Amazon dropped a bombshell earlier this week when they announced that they’re going to expand from Seattle by building a brand new second headquarters in another city. Based on their RFP, regardless of where they land, it’s another example of how companies are increasingly seeking out vibrant, walkable, connected urban places as they try to attract and retain talent.
Seattle’s chief road engineer Dongho Chang, next to Broadway’s new protected bike lane. Photo via the Green Lane Project on Facebook.
When activists painted a guerrilla bike lane in Seattle, they didn’t expect a traffic engineer to thank them. But that’s what Seattle traffic engineer Dongho Chang did, commending for bringing attention to the safety issue — and then installing a more permanent treatment soon after. Chang spoke with the National Complete Streets Coalition about a few of the Seattle Department of Transportation’s signature projects, the inspiration for his work, and what he’s learned in 25 years of traffic engineering.
Southeast Seattle is home to the most diverse and immigrant-populated neighborhoods in Seattle, Washington. Now, as a result of the Community Cornerstones project, it could become the City’s next equitable transit-oriented development (TOD) success story.
Part of the strategy is to attract dense mixed-use development to several of Southeast Seattle’s neighborhoods that are in close proximity to the light-rail system opened in 2009, while also preserving the area’s affordability for existing residents through partnerships with community development and financial institutions. The area is already home to one of the most transit-utilized areas of Seattle, and through the project the area is likely to grow with more people, businesses, and jobs.
The Urban Land Institute (ULI)’s annual housing conference brings together housing professionals from across the country to discuss current challenges and opportunities for supporting a full spectrum of housing choices in cities and suburbs increasingly challenged by the new economy.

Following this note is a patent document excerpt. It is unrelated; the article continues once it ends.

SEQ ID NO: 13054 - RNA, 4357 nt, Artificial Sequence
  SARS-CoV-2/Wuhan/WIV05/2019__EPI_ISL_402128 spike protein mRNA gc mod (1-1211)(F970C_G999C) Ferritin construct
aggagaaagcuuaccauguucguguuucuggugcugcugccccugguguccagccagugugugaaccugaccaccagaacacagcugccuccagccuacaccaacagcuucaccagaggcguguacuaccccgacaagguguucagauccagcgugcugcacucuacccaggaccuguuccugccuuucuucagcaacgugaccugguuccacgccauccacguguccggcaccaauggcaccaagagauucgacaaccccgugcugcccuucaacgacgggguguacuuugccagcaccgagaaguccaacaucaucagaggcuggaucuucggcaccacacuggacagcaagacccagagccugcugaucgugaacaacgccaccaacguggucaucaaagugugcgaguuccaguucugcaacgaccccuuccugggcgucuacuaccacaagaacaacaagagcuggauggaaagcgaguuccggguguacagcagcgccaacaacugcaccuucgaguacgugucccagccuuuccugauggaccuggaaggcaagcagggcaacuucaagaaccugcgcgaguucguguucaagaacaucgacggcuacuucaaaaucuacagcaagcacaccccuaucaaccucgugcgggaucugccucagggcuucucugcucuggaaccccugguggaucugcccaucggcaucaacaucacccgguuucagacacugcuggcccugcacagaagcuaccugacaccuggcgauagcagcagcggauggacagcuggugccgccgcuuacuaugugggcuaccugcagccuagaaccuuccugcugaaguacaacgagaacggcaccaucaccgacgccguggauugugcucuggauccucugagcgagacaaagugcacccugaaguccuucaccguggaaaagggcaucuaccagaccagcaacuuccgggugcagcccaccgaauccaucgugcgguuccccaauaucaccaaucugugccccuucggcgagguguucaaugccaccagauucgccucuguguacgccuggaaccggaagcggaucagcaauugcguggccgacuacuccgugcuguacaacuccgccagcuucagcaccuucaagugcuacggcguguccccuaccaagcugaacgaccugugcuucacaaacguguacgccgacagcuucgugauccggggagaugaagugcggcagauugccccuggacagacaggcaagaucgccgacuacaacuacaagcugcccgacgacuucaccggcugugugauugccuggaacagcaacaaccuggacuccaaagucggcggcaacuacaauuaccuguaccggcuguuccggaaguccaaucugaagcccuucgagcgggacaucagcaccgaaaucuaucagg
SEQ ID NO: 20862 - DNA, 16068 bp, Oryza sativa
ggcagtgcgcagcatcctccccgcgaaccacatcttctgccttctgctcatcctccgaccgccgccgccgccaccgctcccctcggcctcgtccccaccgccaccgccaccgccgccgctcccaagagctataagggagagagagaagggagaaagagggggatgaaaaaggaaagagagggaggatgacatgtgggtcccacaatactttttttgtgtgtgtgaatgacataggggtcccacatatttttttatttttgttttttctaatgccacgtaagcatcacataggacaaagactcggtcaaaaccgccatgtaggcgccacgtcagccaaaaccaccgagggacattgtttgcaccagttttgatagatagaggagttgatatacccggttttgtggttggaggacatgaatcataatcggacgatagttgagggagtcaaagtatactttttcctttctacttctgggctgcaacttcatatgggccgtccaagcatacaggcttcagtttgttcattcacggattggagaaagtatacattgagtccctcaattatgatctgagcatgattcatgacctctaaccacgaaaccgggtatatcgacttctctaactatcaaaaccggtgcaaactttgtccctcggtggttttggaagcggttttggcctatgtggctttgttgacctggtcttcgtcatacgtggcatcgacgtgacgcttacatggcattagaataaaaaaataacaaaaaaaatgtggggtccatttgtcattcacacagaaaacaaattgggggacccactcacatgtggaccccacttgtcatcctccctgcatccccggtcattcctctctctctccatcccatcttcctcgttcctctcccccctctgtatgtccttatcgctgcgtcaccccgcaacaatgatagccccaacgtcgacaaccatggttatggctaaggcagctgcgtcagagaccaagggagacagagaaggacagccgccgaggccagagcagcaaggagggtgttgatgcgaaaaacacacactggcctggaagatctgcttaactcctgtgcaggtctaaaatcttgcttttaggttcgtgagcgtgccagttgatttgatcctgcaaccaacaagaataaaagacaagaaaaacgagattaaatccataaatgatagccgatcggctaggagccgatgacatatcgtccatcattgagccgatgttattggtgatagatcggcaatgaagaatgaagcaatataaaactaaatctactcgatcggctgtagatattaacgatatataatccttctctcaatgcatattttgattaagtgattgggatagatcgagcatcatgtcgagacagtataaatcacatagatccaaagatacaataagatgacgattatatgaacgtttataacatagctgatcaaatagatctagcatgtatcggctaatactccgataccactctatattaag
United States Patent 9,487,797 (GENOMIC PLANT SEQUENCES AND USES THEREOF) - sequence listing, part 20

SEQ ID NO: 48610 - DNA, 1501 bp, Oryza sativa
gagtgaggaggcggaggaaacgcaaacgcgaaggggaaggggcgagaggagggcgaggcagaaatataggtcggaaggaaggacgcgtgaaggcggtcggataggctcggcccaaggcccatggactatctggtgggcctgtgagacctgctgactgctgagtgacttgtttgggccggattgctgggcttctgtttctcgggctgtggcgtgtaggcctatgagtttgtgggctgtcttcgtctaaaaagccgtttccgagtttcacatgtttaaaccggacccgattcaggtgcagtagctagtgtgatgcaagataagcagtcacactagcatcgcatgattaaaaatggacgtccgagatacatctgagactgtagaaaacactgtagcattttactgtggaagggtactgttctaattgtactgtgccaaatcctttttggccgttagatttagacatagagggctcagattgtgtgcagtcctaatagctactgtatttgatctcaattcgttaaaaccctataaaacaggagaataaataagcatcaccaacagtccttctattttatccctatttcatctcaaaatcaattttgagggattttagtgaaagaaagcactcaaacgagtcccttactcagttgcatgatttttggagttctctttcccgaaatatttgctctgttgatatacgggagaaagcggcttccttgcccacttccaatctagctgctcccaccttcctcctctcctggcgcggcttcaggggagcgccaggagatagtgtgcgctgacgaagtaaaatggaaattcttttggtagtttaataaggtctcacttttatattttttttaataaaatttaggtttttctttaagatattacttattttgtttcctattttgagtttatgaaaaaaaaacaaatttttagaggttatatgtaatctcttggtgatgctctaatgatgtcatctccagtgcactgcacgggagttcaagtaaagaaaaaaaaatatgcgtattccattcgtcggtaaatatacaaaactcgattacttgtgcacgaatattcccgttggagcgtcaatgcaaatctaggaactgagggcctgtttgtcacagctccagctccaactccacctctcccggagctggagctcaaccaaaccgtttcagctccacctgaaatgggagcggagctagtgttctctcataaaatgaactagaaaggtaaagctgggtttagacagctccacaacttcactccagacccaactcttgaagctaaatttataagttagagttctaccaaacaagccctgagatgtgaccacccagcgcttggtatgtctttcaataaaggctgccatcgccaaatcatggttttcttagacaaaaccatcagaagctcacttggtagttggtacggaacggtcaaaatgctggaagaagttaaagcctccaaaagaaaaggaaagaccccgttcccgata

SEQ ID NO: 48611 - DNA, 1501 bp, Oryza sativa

Joining the discussion at this year’s conference is LOCUS: Responsible Real Estate Developers and Investors. LOCUS Managing Director Christopher Coes and Steering Committee member John Hempelmann, of Seattle-based business law firm Cairncross & Hempelmann, will join a panel discussion at the conference about federal involvement in real estate and how it might be reformed.
“Seattle Streetcar,” by Flickr user Sean Marshall.
For those not familiar, they could be forgiven for mistaking the opening speaker at this month’s Transit Financing Workshop in Seattle for an ardent smart growth advocate. And in many ways he is. He just also happens to be the Mayor of Seattle.
Mayor Michael McGinn’s comments about the critical role walkable neighborhoods and transit play in economic development set the stage for a day-long event about transit-oriented development in the Puget Sound region on October 4, 2012. Sponsored by Transportation for America, LOCUS Washington, the Transportation Choices Coalition, ULI Northwest and the Quality Growth Alliance, the event brought together leaders from the business, real estate, advocacy, and government sectors to discuss transit, transit-finance, and how the Seattle region can better position itself for future growth.
CNBC released its list today of the top 10 most walkable cities in America, and includes in it a discussion of the growing trend among towns and cities to create neighborhoods with pedestrian-friendly streets and bustling downtown shopping districts. These features are a key part of smart growth development strategies and, as CNBC writer Cindy Perman explains, walkable neighborhoods have benefits beyond street-level charm. Walkable neighborhoods feel safer and more social, and help build exercise into daily routines. But even more importantly, walkable neighborhoods bring economic benefits: